Mastering the Art of Interviewing: Techniques for Effective Candidate AssessmentAug 16, 2023
Conducting an effective interview is a critical skill in the hiring process. It not only helps evaluate a candidate's skills and experience but also their fit within the company culture. However, interviewing is more of an art than a science, requiring a strategic approach and nuanced techniques. Here, we'll explore different interview formats, the importance of behavioral-based questions, and the role of structured interviews in making informed hiring decisions.
Exploring Interview Formats
Choosing the right interview format is essential as it sets the tone for the entire process. Here are a few commonly used types:
- One-on-One Interviews: The traditional face-to-face interview allows a direct, personal interaction with the candidate. This format can create a comfortable atmosphere for open dialogue, helping assess a candidate's communication skills, professionalism, and cultural fit.
- Panel Interviews: In this format, a group of interviewers evaluates the candidate simultaneously. It allows for diverse perspectives, reduces individual bias, and can assess how a candidate performs under pressure.
- Group Interviews: Several candidates are interviewed together. This format can be efficient for large-scale hiring and can provide insights into a candidate’s teamwork and leadership abilities.
- Virtual Interviews: In today's digital world, virtual interviews have become increasingly popular. They are flexible, cost-effective, and environmentally friendly. They also test a candidate's comfort level with technology.
Behavioral-Based Questions: Predicting Future Performance
Behavioral-based questions are based on the premise that past behavior predicts future performance. By asking candidates to share specific examples from their past experience, interviewers can assess the skills and competencies relevant to the role. Questions often begin with phrases like, "Tell me about a time when..." or "Describe a situation where...".
These questions not only provide insights into a candidate's ability to perform job-related tasks but also their problem-solving skills, decision-making process, and ability to work in a team. They can also reveal the candidate’s alignment with the company’s values and culture.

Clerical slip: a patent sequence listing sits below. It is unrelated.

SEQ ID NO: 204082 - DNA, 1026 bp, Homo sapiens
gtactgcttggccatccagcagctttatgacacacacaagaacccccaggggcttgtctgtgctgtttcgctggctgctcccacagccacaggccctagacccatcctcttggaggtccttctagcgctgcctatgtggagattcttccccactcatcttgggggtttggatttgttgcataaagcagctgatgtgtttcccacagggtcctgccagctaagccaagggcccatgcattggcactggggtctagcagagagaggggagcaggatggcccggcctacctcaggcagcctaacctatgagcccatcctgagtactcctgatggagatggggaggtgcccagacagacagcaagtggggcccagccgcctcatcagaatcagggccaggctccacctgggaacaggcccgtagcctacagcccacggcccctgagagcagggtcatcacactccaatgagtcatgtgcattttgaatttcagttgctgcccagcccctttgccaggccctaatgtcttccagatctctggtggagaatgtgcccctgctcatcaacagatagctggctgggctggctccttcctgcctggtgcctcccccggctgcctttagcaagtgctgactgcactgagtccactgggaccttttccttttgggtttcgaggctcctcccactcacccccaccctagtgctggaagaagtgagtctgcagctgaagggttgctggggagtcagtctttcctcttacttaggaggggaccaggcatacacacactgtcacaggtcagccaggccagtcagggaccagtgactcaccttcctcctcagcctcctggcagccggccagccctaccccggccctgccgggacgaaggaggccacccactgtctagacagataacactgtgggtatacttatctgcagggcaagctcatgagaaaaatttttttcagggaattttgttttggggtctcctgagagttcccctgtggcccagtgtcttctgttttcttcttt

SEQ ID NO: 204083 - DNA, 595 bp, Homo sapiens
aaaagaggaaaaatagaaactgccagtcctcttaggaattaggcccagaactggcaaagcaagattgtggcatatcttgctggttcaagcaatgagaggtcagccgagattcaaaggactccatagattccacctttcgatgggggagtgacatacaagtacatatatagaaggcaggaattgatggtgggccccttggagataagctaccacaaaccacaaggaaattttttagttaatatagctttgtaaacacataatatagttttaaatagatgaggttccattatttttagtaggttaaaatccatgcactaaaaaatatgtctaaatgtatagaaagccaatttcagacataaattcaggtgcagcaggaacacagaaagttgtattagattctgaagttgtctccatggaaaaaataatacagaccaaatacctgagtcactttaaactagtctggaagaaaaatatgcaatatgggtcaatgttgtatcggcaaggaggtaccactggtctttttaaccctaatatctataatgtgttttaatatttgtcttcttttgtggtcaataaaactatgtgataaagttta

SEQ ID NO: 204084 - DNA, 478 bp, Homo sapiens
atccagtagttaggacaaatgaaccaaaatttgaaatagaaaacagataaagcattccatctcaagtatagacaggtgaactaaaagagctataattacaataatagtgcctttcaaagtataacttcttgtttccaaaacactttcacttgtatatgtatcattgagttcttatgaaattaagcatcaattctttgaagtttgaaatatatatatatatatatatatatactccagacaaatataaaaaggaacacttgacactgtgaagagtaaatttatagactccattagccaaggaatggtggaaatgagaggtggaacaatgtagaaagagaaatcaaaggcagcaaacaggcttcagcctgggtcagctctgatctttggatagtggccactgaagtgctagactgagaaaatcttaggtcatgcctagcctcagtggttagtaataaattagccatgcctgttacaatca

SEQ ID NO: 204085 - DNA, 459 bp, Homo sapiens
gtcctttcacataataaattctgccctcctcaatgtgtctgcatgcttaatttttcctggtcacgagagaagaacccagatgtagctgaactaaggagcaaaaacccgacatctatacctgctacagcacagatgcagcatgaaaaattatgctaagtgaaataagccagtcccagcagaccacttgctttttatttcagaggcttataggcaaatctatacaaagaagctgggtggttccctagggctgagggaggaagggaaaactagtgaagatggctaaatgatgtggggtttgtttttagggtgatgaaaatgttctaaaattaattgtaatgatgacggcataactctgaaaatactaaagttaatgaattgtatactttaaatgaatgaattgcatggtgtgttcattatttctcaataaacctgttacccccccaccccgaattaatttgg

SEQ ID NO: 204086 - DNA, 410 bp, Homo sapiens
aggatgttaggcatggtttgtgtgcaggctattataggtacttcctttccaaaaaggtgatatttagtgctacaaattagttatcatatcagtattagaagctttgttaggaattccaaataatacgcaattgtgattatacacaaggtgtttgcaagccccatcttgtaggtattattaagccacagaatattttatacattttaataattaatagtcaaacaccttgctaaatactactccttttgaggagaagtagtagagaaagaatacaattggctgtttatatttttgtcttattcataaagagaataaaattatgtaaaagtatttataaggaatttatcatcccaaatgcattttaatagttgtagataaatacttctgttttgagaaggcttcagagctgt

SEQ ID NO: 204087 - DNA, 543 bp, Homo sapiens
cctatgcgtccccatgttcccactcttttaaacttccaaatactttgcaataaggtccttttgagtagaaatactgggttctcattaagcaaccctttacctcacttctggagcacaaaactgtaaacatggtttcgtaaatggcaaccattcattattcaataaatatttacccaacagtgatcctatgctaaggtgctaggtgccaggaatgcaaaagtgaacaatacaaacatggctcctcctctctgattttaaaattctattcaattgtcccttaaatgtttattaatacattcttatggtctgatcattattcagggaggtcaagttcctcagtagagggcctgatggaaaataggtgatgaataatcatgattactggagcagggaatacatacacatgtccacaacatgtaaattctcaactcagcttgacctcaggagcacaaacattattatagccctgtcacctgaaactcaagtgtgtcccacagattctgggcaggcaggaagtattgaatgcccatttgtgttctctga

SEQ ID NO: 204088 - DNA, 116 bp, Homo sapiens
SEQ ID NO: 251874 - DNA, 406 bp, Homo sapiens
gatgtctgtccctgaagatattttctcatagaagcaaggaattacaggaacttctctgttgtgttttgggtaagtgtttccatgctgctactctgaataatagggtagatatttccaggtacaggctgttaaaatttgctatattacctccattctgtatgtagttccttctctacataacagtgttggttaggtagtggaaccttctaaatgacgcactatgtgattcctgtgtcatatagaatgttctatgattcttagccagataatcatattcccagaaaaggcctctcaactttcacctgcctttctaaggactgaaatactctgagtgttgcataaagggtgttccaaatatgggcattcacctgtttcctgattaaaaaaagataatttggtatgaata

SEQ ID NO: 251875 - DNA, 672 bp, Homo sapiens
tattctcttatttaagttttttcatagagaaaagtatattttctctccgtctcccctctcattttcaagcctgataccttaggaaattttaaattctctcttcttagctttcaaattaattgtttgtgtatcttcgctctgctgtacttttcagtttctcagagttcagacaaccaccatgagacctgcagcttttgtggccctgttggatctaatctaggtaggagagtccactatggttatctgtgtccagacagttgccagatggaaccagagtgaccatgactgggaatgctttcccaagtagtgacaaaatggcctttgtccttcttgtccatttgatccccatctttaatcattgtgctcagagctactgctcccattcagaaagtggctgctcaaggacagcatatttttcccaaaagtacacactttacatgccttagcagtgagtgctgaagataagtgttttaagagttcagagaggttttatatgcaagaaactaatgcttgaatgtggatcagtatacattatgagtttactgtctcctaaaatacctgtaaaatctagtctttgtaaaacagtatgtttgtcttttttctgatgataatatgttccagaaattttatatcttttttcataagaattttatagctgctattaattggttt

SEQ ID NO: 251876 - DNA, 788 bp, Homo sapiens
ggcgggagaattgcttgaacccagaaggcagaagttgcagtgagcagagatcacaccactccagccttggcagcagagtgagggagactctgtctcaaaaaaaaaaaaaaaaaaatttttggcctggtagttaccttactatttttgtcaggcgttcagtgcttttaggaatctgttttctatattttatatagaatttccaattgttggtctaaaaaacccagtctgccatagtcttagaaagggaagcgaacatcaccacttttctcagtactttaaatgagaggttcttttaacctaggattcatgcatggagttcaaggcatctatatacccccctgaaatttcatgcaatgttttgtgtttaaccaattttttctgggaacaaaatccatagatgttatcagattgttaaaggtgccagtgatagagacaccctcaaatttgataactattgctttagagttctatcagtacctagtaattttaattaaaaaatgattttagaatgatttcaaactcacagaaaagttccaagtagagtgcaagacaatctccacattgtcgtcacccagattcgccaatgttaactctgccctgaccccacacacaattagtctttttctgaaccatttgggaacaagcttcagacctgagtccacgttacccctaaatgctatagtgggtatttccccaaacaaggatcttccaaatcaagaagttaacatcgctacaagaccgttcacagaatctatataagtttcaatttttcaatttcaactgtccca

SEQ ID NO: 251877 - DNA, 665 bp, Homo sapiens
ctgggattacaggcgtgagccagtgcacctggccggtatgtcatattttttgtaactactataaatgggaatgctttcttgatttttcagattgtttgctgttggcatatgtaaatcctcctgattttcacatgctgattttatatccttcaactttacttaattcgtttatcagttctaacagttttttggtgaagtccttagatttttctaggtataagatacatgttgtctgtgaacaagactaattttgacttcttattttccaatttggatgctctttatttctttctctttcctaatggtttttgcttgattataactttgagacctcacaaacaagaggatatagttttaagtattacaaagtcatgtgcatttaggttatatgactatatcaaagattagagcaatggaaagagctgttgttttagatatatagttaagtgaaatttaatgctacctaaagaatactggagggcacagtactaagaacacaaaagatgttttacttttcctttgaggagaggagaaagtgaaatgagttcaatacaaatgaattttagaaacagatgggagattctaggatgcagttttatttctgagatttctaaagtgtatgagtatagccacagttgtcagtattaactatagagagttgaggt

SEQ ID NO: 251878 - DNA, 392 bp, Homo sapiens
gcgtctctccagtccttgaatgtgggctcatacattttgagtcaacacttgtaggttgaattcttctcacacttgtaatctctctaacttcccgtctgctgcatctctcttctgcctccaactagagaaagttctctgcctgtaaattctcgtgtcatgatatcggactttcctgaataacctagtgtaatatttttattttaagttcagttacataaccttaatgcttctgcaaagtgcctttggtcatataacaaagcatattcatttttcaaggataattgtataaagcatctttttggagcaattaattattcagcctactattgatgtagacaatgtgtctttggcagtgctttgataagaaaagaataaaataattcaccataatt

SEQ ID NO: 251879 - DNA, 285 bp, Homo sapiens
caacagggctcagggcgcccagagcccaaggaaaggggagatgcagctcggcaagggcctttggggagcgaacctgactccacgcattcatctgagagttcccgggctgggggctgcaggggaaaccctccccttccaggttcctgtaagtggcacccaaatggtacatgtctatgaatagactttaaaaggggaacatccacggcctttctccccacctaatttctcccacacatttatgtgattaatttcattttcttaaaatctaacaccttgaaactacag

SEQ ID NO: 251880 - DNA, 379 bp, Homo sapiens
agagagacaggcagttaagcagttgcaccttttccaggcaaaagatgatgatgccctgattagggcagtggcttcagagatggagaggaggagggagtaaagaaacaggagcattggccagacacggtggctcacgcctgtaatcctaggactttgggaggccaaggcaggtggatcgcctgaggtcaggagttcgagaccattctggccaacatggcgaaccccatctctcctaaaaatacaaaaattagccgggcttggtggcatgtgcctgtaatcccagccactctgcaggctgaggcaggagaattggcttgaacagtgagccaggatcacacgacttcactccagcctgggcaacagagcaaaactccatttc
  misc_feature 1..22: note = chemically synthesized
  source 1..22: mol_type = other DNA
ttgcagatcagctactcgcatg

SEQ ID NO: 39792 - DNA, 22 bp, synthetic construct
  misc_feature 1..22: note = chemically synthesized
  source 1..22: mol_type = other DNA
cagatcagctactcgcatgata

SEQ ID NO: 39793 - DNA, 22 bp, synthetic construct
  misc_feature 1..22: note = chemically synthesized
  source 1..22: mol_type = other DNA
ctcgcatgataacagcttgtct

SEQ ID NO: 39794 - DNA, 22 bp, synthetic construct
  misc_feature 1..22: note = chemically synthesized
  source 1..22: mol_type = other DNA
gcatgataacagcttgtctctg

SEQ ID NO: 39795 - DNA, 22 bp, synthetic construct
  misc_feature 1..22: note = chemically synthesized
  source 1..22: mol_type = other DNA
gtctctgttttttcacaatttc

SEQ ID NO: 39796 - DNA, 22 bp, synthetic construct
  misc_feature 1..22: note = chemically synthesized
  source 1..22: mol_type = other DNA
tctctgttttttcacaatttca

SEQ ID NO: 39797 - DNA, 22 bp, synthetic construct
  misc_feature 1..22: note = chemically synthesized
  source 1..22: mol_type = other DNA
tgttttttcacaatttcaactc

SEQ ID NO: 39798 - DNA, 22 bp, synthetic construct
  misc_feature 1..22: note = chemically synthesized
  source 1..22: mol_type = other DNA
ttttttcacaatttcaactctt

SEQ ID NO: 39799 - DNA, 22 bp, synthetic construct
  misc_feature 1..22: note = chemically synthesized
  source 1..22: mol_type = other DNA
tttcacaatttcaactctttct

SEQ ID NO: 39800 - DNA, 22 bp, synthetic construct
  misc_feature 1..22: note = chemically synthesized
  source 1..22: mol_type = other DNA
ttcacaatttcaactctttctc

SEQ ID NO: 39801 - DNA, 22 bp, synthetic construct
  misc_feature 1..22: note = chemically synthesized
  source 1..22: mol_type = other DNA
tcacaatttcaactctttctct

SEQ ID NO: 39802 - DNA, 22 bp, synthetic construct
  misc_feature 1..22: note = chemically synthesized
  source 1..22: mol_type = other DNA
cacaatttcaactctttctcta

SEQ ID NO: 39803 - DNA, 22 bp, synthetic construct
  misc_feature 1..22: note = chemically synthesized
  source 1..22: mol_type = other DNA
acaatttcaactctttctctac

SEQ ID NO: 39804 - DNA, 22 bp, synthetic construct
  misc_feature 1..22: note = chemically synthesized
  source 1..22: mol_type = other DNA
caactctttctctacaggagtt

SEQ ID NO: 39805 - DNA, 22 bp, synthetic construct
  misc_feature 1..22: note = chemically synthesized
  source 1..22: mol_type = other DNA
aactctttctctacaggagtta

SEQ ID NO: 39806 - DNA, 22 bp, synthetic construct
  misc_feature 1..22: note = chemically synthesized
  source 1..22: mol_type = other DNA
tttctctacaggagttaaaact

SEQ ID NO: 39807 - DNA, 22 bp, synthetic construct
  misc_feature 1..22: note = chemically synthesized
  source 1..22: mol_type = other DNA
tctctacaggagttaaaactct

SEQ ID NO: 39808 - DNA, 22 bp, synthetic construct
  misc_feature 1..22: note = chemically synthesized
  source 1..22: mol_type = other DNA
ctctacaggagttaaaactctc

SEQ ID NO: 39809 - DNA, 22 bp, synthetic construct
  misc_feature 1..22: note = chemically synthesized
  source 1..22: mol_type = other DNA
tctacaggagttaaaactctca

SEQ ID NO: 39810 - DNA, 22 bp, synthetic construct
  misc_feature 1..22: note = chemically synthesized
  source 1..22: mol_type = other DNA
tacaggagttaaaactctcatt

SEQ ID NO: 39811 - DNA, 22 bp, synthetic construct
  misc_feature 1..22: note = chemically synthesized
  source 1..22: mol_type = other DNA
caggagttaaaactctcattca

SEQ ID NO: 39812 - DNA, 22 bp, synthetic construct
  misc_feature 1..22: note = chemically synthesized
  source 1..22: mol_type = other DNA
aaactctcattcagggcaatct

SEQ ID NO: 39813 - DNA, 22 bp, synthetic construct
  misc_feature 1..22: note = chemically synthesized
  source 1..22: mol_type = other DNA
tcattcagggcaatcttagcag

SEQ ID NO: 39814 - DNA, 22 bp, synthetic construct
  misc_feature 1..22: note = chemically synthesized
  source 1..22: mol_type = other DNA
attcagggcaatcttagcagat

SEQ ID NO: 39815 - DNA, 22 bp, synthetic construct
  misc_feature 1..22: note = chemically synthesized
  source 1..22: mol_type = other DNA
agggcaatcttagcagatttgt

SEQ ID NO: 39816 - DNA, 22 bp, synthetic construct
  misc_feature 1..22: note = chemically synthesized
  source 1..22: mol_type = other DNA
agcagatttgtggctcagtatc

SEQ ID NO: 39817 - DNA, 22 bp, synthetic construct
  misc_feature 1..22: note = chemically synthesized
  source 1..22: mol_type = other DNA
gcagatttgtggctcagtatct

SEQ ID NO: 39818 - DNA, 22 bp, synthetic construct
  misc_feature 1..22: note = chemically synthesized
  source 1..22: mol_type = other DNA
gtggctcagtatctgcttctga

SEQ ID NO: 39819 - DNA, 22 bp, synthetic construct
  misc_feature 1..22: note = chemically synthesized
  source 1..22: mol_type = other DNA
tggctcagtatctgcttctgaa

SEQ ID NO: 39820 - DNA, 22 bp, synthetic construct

The Role of Structured Interviews
A structured interview follows a consistent format where each candidate is asked the same set of questions, and responses are evaluated using a standardized scoring system. This approach reduces bias and allows for fairer, more objective comparisons between candidates.
Developing a structured interview involves carefully crafting questions that relate directly to the job requirements. Interviewers should also be trained on how to use the scoring system effectively. Despite requiring more upfront work, structured interviews can significantly improve the quality of your hiring decisions.
Mastering the Interview Process
Mastering the art of interviewing involves a mix of the right format, thoughtful questions, and structured processes. Here are additional tips to conduct effective interviews:
- Preparation is Key: Understand the job requirements, review the candidate's resume thoroughly, and prepare your questions beforehand.
- Create a Comfortable Atmosphere: An interview can be stressful for candidates. By creating a comfortable, welcoming environment, you can put candidates at ease and encourage them to open up more.
- Listen Actively: Pay attention to the candidate's responses, body language, and non-verbal cues. It can reveal as much, if not more, than their words.
- Provide Feedback: Whether positive or constructive, feedback can help candidates improve their interview skills. It also enhances your company’s image.
By mastering these interviewing techniques, you'll not only assess candidates' skills and cultural fit accurately but also ensure a positive experience that upholds your company's reputation as a desirable employer. Remember, interviews are a two-way street. While you're evaluating the candidate, they are also assessing your organization. Make it count!